Right now Aceves is a minor leaguer. After Wednesday’s 6-5 win over Oakland the Red Sox optioned him to Triple A Pawtucket. Aceves has 72 hours to report to Pawtucket. The likelihood of him reporting I really don’t know. Him taking this demotion well is not something I expect. The Red Sox are trying to get something for him by holding onto him instead of outright releasing him. He was not good in the clubhouse as we saw. Hopefully he doesn’t infect the Pawtucket clubhouse as well, having young players who are trying to reach the big leagues. The team is making an example of him, who not to be like. Manager John Farrell said the demotion is solely performance based, but I feel it is not. See how long he can stay down there and not flip a gasket, until you can trade him to a team in need of a reliever for some value.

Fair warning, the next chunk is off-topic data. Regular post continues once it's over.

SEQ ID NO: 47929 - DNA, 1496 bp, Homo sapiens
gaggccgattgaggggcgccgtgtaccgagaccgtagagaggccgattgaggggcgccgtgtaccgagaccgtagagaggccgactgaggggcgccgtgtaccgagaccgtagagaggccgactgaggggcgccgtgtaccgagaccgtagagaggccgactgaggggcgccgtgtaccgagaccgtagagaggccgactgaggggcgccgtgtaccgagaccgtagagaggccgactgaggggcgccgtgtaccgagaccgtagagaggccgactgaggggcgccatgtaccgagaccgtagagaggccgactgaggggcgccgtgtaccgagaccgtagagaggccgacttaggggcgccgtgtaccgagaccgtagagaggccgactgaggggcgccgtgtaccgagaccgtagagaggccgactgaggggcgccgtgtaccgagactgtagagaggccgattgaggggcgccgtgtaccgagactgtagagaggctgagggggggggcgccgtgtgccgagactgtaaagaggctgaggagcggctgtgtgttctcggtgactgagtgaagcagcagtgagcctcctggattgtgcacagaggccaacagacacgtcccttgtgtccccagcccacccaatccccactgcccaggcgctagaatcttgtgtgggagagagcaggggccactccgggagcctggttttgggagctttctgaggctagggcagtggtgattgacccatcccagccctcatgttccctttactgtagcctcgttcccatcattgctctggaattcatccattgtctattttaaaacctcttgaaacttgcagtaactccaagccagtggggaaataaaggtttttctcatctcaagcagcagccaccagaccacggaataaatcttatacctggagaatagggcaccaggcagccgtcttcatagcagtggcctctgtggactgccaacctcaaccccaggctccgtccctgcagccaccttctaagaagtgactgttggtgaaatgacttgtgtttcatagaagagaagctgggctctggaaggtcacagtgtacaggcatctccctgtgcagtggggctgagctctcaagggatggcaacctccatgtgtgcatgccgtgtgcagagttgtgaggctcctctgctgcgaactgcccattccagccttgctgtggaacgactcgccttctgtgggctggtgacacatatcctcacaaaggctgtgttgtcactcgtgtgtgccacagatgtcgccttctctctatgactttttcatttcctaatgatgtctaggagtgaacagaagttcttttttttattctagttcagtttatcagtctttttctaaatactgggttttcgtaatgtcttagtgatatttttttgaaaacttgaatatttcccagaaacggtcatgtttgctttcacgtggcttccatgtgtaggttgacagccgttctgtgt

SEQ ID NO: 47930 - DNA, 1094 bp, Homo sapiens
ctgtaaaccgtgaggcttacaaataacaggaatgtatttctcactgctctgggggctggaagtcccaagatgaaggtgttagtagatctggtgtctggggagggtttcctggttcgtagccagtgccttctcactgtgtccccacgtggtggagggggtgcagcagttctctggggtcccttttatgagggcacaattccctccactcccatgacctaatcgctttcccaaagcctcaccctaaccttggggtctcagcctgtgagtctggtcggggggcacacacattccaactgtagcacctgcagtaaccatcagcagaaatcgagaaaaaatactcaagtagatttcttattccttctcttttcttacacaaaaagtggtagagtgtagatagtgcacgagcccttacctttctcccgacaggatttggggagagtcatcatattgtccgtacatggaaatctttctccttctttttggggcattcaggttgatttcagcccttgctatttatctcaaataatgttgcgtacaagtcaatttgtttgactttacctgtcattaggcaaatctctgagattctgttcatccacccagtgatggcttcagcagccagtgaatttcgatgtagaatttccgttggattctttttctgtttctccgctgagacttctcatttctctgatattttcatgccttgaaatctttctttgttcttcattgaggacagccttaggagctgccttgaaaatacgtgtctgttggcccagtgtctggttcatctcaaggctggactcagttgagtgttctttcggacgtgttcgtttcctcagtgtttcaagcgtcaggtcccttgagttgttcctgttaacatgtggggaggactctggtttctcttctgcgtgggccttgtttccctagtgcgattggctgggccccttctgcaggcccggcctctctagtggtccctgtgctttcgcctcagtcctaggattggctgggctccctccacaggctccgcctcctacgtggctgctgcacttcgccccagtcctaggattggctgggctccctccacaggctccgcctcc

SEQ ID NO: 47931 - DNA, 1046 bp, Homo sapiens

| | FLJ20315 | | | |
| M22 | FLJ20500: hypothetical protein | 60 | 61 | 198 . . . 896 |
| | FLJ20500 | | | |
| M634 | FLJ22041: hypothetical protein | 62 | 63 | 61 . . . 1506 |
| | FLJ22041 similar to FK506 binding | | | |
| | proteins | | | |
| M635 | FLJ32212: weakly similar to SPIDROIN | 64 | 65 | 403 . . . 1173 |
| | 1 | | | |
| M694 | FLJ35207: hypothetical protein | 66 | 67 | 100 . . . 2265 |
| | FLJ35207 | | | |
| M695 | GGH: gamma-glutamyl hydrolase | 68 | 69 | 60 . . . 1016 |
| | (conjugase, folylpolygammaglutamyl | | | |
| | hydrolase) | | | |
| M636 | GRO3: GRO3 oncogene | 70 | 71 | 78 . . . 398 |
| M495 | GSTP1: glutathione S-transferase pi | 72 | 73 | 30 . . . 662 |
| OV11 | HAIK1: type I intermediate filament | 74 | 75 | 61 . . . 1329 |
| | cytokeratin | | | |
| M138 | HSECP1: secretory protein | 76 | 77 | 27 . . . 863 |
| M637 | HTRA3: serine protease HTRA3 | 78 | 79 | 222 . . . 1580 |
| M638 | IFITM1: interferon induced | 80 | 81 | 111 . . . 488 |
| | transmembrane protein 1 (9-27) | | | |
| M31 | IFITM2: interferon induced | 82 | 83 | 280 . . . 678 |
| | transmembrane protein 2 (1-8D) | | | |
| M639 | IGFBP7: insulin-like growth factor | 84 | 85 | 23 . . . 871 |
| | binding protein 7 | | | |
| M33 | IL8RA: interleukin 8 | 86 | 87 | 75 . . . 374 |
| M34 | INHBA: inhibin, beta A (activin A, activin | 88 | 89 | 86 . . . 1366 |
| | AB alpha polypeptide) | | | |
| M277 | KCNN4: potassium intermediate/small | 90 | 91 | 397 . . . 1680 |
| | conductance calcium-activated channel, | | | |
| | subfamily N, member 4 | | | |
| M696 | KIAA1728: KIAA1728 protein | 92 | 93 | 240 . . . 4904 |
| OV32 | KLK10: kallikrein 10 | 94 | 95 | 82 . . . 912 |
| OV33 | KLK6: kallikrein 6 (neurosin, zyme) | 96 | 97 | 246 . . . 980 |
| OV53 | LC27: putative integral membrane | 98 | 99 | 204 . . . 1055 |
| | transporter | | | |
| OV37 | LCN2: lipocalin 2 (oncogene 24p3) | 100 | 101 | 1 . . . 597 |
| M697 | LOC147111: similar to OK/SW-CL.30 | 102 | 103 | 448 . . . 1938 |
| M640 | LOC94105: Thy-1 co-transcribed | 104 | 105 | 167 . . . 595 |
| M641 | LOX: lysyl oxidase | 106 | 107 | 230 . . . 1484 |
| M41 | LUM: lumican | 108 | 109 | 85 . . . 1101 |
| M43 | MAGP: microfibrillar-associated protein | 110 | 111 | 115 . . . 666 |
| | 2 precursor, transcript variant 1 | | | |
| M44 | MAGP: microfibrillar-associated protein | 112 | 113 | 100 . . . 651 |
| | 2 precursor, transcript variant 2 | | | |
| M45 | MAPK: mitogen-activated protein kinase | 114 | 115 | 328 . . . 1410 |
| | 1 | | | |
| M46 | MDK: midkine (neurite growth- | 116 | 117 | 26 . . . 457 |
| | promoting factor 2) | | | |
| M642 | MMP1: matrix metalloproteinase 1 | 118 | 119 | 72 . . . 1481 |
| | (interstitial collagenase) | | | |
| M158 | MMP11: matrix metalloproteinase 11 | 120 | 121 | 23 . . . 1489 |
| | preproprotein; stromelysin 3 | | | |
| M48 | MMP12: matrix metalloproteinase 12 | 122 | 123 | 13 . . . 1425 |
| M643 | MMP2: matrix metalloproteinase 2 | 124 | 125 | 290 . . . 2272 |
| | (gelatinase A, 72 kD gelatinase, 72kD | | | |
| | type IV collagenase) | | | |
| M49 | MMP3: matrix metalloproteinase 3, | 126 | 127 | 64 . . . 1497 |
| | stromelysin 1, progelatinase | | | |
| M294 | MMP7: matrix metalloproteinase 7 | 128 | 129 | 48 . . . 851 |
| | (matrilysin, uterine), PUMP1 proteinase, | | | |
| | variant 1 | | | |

After a spring training full of incidents I feel Aceves made the team only because of injuries to the bullpen with Craig Breslow and Franklin Morales down. Now that the team sent him to the minor leagues I believe Alfredo Aceves has played his last game in a Red Sox uniform. Alex Wilson has looked good in a few appearances and the team recently called up Daniel Bard from Double A Portland. With Bard passing Aceves on the depth chart that truly tells you something. Alfredo it was nice knowing you. He was one of the few players who looked to be trying in the horrible collapse of September 2011. This years Red Sox are different though, no nonsense, no clubhouse problems. It’s a Red Sox team I like to watch.